Earlier this week, Donald Trump signed the Great American Outdoors Act into law. Naturally, he made a show of it. He talked about himself a decent amount, even referring to himself as “the same or almost as good” as Theodore Roosevelt for his conservation efforts. You know, because it’s not like he’s spent the past three-plus years rolling back at least 100 environmental rules and regulations that were originally designed to govern clean air, water, and toxic chemicals — stuff that generally signals we’re taking care of the planet instead of sucking all the fossil fuels we can out of her.
However, as logic dictates, if you can spend $9 billion to give places like the Grand Canyon and Yosemite a facelift, you should definitely call yourself an environmentalist. Maybe even the greatest environmentalist ev—
Wait, did I just write “Yosemite?”
False. It’s “Yo Semite.” The lame-stream media would have you believe it’s “Yoh-Sem-i-Tee,” but it’s not. That’s just all part of the liberal agenda. It’s actually “Yo Semite.” Now double down and say it twice. Any president that’s the same or almost as good as Teddy would know.
“When young Americans experience the breathtaking beauty of the Grand Canyon, when their eyes widen in amazement as Old Faithful bursts into the sky, when they gaze upon Yosemite’s (Yo-seh-might’s) — Yosemite’s (Yo-seh-min-might’s) towering sequoias, their love of country grows stronger, and they know that every American has truly a duty to preserve this wondrous inheritance,” Trump said.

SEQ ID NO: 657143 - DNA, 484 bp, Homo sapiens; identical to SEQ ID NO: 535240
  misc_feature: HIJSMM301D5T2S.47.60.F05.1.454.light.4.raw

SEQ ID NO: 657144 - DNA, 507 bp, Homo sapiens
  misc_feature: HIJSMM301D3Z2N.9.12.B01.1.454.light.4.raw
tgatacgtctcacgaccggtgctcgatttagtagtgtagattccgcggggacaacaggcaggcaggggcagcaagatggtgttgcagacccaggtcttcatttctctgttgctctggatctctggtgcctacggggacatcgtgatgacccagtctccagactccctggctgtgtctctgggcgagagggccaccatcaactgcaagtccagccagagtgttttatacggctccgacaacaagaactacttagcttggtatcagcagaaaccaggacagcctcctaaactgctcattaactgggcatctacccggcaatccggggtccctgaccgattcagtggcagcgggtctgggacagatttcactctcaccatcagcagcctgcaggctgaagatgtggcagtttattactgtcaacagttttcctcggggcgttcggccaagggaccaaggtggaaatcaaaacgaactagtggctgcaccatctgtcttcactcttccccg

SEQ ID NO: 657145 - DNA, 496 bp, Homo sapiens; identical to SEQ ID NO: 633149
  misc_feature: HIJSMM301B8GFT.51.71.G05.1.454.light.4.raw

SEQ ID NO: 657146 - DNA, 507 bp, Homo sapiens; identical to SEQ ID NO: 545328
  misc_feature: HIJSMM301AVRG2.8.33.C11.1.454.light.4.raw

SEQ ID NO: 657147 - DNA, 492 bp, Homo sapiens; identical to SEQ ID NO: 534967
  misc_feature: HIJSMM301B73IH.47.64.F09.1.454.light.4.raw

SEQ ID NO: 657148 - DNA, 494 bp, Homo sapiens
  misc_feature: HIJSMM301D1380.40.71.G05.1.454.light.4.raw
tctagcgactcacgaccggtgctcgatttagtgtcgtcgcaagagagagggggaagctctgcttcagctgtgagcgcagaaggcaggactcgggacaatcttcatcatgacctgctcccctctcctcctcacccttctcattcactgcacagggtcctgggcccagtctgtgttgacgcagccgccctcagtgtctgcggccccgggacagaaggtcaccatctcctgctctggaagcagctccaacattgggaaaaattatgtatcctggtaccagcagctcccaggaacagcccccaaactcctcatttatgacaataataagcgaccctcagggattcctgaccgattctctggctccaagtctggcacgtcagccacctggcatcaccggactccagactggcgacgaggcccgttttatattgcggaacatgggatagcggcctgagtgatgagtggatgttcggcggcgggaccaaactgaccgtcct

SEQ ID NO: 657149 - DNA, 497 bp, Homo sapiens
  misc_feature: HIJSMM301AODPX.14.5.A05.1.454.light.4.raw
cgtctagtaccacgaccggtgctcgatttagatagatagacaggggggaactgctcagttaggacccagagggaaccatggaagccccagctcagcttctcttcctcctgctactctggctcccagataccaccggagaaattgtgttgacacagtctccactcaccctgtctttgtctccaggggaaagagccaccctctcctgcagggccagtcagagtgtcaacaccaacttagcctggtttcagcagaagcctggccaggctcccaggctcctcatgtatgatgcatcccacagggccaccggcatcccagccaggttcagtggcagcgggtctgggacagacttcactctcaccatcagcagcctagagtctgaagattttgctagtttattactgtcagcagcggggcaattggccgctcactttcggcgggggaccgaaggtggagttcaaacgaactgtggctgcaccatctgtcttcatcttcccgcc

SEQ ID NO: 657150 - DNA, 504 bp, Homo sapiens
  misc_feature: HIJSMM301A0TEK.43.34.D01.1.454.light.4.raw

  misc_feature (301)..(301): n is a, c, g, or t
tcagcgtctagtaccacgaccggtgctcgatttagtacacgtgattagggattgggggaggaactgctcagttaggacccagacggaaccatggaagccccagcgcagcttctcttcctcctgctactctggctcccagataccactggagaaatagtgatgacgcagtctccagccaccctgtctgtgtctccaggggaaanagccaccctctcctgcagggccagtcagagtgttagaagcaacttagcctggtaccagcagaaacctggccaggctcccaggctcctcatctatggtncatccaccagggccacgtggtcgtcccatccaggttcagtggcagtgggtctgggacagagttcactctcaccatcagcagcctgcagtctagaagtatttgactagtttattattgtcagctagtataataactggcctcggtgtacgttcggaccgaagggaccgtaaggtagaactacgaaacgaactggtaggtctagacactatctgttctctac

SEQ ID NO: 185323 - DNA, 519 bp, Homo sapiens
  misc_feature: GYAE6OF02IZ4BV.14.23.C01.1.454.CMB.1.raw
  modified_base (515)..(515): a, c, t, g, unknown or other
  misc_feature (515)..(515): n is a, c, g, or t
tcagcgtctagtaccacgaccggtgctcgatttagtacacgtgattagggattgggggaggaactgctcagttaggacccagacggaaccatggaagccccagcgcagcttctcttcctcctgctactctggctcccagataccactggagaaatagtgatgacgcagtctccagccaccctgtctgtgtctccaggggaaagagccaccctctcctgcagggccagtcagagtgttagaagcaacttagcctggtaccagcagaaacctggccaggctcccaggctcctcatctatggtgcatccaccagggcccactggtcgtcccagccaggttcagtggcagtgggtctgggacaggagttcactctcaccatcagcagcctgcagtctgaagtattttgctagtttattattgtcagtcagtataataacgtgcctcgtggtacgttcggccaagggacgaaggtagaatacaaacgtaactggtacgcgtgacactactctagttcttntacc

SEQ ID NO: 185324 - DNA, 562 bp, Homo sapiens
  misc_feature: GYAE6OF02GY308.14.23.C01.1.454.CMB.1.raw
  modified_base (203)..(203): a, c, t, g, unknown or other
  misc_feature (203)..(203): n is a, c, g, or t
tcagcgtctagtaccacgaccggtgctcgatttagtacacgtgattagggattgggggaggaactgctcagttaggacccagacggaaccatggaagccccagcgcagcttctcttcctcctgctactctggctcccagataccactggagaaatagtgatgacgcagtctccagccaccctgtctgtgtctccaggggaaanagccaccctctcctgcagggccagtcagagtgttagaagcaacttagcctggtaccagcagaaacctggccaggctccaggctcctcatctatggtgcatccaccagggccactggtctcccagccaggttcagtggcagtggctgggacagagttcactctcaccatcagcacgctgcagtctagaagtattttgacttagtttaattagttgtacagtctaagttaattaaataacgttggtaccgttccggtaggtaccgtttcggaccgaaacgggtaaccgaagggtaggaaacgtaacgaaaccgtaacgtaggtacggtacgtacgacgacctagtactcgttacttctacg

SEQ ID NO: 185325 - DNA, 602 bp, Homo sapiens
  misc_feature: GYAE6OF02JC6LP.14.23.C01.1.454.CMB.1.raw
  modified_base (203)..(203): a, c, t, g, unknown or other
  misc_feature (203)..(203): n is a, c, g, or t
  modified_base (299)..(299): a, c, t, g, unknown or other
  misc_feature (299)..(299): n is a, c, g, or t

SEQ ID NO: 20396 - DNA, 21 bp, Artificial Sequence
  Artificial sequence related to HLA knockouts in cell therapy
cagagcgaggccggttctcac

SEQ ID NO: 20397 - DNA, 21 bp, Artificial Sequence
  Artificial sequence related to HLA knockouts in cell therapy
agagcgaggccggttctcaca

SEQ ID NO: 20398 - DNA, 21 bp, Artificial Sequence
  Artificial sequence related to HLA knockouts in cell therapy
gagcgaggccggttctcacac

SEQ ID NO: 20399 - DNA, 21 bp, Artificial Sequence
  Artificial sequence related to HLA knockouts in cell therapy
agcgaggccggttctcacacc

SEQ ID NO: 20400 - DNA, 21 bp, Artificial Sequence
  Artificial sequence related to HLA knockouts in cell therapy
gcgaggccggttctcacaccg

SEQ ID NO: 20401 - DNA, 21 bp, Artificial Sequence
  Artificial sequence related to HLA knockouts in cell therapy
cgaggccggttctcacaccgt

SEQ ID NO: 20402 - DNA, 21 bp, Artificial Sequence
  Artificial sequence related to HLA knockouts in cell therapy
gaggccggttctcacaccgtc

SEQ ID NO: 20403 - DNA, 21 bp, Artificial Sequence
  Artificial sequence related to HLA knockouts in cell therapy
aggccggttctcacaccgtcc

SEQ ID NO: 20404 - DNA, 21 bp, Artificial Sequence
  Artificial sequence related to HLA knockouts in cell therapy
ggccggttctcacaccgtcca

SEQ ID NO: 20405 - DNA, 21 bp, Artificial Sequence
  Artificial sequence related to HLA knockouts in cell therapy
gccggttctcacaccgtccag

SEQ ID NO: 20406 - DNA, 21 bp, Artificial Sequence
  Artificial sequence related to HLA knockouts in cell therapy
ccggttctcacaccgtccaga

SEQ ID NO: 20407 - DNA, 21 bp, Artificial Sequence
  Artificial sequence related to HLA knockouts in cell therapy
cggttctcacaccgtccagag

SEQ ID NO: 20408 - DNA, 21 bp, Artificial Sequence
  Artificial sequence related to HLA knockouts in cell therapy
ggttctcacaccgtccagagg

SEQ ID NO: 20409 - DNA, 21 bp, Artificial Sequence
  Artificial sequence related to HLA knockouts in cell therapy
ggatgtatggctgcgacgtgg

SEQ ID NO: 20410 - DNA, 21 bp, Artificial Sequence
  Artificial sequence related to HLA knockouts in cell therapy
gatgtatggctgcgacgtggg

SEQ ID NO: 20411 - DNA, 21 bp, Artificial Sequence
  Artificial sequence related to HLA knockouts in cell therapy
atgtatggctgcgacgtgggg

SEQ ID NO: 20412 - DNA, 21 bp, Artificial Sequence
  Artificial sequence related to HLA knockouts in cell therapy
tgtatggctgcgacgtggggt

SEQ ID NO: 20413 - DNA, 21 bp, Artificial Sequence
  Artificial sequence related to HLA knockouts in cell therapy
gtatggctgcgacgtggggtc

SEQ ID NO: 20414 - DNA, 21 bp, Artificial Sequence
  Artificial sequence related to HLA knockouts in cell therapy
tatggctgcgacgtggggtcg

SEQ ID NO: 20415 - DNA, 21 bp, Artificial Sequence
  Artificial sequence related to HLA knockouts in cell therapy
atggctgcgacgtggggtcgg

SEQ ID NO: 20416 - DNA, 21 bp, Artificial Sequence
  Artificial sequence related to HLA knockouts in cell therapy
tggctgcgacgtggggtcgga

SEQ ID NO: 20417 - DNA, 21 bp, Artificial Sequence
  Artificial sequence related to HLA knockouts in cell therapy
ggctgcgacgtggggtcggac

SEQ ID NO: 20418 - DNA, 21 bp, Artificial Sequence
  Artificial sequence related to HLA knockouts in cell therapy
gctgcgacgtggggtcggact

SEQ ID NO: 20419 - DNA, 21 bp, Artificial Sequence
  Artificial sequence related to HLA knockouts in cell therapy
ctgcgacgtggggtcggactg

As a clear sign of support and solidarity for their president, Americans have since been buying “Yo Semite” tee shirts in record numbers. The tee shirts have been on the market for 16 years now, when Digital Media Creator Sarah Lefton first designed and started selling them for the National Museum of American Jewish History. But it’s the president’s praise of those glorious sequoias that uncovered the truth for us all.
“It took me just a couple of minutes to find the Trump clip,” said Lefton, whose phone lit up with hundreds of notifications after the Great American Outdoors Act was signed “and I immediately knew that I was going to sell thousands of t-shirts.”
“We’ve sold hundreds and hundreds and hundreds of those shirts over the years,” added Director of Retail at the National Museum of American Jewish History Kristen Kreider, “just not hundreds and hundreds and hundreds in one day.”
Finally, we’re making “Yo Semite” great again.
— National Museum of American Jewish History (@NMAJH) August 4, 2020